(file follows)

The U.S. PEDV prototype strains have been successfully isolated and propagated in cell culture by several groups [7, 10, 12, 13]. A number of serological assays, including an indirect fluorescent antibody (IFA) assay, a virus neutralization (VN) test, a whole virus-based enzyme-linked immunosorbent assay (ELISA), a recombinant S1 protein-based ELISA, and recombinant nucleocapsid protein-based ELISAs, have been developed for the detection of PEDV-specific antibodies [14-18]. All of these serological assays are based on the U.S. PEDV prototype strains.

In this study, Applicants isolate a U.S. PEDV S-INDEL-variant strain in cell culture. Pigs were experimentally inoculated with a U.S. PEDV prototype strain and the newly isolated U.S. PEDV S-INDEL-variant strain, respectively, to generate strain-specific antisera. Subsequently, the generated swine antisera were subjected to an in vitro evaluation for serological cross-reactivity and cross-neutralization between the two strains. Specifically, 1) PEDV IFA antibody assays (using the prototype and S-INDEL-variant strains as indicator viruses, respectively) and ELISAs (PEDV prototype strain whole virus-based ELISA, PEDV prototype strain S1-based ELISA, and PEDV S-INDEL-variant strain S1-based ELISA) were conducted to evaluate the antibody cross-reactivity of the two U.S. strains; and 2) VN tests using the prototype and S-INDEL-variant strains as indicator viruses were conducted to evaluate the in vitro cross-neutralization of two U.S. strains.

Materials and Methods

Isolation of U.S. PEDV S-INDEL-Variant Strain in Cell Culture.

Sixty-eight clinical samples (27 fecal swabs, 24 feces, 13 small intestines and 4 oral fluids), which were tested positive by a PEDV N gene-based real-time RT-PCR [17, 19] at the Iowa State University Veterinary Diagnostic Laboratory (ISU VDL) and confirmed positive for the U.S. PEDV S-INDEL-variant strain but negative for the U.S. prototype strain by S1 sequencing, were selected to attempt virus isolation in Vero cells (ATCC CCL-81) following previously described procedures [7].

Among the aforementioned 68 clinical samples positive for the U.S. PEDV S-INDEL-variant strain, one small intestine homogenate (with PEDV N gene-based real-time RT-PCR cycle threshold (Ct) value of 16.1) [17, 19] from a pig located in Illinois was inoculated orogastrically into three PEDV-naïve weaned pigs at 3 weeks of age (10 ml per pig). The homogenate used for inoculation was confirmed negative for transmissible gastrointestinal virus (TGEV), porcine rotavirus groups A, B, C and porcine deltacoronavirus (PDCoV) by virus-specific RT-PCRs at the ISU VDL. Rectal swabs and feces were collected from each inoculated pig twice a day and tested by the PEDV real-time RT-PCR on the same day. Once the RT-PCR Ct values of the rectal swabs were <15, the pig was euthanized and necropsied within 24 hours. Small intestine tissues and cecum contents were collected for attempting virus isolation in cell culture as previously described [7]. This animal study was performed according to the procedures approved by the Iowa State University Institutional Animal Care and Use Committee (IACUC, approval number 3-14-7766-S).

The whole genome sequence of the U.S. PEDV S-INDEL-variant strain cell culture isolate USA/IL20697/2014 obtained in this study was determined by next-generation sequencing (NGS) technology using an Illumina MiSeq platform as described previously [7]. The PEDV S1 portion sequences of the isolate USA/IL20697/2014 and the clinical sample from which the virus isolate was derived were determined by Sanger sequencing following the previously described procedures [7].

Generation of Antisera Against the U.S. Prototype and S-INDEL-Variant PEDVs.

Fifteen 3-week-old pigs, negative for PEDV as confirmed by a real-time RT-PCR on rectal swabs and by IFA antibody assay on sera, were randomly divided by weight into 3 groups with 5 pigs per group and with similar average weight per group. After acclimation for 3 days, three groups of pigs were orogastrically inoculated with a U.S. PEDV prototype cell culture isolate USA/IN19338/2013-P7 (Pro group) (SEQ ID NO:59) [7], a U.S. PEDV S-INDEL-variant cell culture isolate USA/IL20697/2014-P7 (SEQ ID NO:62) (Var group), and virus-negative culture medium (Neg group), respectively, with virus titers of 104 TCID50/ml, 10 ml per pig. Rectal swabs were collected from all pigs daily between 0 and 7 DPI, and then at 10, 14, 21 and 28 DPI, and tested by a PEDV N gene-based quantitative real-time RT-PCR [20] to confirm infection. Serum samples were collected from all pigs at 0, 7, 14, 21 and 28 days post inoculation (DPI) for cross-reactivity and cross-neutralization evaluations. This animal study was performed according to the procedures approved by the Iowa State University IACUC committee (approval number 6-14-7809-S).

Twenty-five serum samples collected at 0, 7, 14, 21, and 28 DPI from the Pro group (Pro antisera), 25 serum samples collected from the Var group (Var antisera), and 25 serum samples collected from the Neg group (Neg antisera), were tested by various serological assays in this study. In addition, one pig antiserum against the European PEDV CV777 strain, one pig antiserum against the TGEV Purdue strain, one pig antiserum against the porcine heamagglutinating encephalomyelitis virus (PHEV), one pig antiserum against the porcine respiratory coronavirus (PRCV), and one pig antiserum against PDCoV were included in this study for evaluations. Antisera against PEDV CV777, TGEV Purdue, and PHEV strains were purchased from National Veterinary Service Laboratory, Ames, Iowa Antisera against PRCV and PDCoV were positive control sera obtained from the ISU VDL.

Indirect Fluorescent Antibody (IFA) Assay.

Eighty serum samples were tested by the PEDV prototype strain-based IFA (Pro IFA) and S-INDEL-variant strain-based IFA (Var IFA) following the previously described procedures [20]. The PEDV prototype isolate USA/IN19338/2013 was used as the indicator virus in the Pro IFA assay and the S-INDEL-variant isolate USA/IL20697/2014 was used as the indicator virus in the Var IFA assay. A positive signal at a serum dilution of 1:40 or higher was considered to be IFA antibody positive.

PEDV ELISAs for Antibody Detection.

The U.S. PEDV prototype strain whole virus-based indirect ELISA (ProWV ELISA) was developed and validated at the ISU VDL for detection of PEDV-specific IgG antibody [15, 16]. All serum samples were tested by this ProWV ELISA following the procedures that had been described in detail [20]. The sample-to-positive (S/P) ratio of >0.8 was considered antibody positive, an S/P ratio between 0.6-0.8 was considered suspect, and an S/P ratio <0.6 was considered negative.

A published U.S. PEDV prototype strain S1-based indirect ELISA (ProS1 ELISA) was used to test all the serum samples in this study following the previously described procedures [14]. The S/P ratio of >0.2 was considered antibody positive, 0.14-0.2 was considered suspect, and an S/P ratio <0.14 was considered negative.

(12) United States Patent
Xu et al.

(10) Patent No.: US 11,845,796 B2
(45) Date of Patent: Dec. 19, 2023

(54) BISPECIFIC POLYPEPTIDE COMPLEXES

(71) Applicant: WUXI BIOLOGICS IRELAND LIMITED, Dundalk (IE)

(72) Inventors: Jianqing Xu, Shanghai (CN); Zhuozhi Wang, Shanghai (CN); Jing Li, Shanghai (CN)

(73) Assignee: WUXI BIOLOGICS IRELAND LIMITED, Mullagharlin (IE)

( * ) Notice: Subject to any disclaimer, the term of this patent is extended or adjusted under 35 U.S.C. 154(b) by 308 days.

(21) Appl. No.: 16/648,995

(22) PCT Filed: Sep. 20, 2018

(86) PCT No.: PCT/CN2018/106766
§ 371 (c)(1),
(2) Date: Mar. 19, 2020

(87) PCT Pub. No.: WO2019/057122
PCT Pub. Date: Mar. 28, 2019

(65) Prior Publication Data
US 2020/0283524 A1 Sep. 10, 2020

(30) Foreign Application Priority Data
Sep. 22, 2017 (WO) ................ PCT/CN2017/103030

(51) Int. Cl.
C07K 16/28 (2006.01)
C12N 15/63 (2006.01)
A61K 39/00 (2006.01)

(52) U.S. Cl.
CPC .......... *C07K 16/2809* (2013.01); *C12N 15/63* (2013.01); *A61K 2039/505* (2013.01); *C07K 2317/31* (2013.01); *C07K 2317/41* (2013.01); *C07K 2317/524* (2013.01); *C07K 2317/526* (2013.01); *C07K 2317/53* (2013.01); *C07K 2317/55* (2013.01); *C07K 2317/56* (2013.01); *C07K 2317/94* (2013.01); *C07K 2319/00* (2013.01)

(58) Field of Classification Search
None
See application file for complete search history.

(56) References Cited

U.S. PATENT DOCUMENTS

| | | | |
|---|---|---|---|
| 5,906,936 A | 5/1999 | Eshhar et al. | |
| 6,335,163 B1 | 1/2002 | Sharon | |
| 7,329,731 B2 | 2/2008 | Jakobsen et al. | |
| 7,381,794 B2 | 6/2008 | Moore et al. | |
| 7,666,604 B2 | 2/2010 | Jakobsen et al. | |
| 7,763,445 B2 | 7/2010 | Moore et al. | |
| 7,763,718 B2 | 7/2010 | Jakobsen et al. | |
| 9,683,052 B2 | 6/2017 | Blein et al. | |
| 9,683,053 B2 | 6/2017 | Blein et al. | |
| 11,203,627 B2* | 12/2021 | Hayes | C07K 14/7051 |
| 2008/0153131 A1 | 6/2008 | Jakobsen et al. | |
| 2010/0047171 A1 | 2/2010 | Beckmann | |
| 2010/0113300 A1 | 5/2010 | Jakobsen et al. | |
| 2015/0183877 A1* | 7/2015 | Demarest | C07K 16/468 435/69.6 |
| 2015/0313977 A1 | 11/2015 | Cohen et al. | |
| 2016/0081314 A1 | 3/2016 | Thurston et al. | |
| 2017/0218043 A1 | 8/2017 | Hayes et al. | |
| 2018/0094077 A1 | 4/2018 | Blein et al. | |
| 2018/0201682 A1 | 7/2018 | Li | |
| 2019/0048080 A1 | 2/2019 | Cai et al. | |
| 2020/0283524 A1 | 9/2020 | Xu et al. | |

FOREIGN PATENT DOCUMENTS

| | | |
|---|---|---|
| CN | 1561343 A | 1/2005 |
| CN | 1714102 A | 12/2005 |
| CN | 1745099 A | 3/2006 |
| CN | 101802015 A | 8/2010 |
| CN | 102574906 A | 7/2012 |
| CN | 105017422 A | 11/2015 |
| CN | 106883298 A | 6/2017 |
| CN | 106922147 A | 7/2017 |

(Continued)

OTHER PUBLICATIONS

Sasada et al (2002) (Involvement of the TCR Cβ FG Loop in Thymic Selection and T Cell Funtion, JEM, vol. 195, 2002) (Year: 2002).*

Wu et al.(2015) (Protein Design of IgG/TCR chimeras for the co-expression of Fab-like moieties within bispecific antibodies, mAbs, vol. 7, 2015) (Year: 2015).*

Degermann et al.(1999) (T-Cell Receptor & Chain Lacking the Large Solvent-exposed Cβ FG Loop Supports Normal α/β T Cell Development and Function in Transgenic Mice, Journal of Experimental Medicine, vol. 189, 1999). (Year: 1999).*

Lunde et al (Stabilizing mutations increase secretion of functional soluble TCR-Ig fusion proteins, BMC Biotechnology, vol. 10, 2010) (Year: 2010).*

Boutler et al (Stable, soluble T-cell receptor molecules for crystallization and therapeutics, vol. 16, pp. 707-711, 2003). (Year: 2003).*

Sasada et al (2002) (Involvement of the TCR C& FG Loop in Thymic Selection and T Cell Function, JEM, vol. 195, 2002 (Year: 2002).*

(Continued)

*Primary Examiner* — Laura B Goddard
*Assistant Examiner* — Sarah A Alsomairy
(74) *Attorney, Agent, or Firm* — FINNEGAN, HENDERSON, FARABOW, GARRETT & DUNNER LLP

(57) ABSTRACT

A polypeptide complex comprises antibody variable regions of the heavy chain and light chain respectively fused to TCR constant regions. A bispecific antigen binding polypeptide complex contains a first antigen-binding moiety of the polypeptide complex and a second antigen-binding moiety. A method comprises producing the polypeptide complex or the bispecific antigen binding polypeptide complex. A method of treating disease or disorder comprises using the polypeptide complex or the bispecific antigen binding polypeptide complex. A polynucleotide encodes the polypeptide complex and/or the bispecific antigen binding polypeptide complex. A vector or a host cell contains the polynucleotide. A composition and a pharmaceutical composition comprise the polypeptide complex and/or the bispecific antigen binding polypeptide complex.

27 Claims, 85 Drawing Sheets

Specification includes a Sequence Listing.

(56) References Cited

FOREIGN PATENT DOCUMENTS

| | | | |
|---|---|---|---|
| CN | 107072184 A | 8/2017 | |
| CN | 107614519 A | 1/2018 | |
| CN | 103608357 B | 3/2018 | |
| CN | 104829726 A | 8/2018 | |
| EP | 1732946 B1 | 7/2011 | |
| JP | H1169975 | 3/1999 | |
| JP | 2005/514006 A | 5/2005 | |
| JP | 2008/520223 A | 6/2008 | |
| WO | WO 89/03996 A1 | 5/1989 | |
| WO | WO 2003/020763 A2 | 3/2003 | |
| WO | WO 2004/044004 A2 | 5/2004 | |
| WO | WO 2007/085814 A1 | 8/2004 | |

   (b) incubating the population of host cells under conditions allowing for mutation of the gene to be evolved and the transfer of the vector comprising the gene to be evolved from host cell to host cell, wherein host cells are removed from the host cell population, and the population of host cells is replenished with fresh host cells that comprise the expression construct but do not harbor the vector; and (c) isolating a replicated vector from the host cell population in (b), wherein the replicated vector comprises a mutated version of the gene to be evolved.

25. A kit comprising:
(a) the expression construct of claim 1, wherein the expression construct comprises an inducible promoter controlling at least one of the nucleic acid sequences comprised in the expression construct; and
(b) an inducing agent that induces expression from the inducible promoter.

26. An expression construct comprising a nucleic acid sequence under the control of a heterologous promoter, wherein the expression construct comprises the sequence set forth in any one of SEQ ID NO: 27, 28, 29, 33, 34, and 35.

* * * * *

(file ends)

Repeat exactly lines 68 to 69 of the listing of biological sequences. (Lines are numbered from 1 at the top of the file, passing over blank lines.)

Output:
| 2019/0048080 A1 | 2/2019 | Cai et al. | |
| 2020/0283524 A1 | 9/2020 | Xu et al. | |